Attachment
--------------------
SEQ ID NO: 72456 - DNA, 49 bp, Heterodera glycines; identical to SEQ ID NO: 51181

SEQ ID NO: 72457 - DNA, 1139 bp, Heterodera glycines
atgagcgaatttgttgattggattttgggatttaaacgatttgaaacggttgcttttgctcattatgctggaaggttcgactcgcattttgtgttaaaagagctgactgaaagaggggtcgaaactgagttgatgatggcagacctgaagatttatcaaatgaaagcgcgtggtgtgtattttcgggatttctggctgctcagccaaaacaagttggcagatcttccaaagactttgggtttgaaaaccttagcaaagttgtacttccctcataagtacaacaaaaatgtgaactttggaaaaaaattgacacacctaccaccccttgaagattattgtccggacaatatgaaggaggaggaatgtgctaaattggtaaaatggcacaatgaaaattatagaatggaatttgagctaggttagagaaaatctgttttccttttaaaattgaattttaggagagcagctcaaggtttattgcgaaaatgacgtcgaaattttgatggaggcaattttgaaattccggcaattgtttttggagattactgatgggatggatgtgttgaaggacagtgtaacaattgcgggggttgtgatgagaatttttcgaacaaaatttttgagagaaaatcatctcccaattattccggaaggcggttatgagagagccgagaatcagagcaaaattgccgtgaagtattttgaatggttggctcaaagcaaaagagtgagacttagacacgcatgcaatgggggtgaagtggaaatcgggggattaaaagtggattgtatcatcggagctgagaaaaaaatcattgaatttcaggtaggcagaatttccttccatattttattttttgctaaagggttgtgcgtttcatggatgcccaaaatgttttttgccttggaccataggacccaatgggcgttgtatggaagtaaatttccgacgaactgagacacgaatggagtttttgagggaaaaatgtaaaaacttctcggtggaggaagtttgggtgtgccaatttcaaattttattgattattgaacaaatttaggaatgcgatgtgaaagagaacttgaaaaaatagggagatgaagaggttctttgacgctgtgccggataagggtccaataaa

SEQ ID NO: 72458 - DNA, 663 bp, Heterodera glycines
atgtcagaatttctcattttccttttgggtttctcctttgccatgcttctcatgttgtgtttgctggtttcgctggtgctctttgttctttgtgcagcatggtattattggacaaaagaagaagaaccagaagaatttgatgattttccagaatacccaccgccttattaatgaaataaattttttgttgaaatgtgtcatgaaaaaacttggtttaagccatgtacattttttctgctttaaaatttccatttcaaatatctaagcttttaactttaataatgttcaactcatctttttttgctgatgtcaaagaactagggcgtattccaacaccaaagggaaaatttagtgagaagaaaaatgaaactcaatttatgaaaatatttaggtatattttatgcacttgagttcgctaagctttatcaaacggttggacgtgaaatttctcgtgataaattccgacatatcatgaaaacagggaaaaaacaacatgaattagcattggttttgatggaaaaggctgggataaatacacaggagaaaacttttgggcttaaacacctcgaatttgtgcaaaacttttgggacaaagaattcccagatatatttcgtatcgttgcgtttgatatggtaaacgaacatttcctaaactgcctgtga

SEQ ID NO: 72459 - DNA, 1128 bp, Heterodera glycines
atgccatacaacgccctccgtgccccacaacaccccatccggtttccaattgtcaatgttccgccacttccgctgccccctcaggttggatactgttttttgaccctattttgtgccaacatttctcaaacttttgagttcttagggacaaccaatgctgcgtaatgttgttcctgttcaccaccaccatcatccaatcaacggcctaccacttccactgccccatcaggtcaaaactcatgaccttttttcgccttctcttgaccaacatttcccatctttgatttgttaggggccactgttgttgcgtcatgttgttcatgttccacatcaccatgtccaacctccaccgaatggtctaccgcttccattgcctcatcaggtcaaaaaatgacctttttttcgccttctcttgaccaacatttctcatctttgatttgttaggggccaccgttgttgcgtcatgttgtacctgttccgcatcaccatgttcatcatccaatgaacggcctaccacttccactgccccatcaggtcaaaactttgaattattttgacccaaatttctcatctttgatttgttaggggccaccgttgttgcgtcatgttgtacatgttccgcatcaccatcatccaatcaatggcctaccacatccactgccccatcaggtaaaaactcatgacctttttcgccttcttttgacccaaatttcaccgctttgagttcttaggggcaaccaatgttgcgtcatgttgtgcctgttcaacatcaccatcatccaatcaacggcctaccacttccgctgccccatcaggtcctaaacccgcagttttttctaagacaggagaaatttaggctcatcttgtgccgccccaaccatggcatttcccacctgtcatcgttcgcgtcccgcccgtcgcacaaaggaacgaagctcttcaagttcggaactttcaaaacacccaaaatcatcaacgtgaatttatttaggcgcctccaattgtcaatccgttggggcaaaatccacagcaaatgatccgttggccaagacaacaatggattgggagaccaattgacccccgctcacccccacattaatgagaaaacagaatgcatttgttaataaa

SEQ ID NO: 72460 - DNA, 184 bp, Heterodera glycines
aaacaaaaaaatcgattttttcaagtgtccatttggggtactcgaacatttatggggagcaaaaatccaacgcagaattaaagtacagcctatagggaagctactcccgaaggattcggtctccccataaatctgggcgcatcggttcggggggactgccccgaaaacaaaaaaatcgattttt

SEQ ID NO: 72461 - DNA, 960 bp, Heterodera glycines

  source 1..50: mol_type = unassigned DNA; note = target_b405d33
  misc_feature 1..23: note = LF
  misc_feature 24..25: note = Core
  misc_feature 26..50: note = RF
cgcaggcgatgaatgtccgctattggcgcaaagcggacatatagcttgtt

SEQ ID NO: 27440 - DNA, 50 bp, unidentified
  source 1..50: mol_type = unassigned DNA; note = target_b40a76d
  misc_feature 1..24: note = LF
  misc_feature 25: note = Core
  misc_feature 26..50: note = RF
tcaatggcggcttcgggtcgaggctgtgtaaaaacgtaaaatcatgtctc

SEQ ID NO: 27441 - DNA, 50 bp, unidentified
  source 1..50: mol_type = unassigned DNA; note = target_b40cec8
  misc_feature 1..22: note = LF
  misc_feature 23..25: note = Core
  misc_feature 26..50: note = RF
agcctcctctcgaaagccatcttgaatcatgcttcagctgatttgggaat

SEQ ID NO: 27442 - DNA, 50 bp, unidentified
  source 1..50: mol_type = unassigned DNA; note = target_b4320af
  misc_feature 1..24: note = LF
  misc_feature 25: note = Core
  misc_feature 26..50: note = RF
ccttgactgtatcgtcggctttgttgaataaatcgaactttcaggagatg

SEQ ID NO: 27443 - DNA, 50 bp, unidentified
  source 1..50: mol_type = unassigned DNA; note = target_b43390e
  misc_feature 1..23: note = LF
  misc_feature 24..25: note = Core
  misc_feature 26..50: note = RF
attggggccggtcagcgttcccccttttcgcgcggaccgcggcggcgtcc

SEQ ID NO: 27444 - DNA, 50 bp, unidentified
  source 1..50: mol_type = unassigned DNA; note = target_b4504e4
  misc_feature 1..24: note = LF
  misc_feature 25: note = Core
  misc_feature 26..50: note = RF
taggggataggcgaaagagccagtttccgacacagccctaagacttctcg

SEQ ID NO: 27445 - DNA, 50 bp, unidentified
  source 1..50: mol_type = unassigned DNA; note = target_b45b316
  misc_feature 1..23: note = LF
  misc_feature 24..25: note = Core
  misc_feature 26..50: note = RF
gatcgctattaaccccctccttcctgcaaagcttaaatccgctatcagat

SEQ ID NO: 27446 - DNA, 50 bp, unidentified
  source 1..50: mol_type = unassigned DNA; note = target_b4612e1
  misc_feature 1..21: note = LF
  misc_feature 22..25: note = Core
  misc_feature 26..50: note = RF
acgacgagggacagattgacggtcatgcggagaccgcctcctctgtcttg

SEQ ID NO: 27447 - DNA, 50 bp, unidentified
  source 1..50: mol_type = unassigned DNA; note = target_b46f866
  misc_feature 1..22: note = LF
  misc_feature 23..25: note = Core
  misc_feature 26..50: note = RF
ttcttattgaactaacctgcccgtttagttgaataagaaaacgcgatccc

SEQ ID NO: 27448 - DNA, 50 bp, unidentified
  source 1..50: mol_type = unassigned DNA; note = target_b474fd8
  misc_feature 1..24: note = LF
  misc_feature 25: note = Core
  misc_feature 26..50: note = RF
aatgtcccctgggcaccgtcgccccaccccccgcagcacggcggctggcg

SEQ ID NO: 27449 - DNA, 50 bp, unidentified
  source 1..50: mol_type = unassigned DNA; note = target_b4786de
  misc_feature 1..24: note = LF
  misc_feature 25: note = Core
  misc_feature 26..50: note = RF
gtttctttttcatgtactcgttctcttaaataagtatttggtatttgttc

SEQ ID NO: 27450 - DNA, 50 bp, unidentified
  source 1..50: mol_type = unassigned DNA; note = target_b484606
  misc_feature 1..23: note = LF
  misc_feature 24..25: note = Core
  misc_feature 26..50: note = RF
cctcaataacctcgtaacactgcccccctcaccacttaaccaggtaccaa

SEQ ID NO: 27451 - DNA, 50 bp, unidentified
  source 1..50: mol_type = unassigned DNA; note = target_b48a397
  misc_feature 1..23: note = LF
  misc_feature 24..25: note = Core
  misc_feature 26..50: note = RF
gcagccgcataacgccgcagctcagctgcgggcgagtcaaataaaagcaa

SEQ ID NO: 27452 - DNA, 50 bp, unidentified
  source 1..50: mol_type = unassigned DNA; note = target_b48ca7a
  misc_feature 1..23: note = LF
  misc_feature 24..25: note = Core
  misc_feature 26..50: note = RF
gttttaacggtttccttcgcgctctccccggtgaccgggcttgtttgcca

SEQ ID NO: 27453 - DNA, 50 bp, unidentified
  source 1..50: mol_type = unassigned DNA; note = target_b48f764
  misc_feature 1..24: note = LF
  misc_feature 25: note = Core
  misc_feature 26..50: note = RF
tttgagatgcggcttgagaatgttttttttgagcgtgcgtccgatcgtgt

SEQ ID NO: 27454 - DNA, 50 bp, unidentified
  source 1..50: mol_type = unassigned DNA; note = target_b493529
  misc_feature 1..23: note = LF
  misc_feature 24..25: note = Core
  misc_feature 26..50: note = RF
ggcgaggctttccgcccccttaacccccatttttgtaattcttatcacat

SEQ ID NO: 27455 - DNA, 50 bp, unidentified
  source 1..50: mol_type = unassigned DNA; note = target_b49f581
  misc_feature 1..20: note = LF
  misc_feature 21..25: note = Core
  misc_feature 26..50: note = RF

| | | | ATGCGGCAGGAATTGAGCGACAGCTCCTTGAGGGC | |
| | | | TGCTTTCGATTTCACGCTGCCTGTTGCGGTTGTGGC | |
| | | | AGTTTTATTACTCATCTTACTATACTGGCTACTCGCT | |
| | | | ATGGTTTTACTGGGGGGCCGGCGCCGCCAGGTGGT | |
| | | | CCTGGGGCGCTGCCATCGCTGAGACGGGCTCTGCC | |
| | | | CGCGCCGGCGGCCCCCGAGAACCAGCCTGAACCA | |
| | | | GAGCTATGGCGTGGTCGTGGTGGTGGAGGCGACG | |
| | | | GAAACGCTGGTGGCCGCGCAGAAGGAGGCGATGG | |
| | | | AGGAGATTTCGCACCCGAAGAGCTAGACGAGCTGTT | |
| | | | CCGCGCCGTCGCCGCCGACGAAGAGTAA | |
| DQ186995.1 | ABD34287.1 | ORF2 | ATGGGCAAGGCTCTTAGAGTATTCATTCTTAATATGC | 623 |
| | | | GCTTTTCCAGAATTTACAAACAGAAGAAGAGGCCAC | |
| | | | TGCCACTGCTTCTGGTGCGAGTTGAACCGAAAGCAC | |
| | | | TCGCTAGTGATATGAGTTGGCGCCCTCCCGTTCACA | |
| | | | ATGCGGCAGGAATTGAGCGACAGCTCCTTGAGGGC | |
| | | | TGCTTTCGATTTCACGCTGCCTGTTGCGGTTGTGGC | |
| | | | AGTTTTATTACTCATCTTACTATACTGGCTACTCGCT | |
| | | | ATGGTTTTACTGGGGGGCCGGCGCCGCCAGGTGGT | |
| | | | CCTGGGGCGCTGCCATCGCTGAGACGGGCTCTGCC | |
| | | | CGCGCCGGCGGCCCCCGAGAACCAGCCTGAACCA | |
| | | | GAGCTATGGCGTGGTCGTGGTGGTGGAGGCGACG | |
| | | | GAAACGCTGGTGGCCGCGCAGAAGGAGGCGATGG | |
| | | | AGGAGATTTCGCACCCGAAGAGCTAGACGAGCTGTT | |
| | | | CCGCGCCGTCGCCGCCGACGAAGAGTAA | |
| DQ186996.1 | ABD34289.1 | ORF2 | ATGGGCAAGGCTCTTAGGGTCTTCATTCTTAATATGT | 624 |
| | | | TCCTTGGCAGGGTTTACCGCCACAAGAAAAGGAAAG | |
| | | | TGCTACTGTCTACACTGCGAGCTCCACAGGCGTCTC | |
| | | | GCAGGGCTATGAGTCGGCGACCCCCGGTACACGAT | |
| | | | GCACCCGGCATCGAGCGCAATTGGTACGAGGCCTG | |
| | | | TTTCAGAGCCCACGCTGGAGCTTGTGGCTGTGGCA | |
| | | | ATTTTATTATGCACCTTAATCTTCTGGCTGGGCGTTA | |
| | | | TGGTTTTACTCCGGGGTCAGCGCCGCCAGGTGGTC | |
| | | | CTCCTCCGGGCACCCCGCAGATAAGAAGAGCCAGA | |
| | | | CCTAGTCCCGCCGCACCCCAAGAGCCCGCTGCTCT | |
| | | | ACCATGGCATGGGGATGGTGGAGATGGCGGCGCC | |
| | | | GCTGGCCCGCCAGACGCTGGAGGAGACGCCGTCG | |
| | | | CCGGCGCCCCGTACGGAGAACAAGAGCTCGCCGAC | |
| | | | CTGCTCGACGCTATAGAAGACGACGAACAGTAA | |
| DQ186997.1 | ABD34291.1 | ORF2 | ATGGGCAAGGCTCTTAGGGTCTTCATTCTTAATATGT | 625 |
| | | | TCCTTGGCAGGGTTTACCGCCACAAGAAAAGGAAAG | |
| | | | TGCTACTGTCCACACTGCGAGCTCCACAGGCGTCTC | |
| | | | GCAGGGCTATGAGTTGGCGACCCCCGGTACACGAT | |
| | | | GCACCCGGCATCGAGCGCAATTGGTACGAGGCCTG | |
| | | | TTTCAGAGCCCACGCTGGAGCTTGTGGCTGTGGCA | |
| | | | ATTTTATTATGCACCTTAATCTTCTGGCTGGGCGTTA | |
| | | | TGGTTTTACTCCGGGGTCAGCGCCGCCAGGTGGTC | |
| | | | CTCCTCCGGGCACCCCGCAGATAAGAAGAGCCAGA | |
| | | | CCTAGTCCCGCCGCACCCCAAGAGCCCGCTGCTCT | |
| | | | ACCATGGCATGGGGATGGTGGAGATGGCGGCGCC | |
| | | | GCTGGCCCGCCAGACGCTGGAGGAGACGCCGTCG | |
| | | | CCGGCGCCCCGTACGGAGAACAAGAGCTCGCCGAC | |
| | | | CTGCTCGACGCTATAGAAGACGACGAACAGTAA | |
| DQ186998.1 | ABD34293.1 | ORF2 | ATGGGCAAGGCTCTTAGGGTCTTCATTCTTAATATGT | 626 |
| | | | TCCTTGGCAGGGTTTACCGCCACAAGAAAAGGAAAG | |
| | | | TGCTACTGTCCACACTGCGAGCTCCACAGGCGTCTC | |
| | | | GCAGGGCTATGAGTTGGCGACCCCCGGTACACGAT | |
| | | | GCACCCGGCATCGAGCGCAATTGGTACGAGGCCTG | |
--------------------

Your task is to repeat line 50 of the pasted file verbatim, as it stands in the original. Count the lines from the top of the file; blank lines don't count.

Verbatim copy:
  misc_feature 26..50: note = RF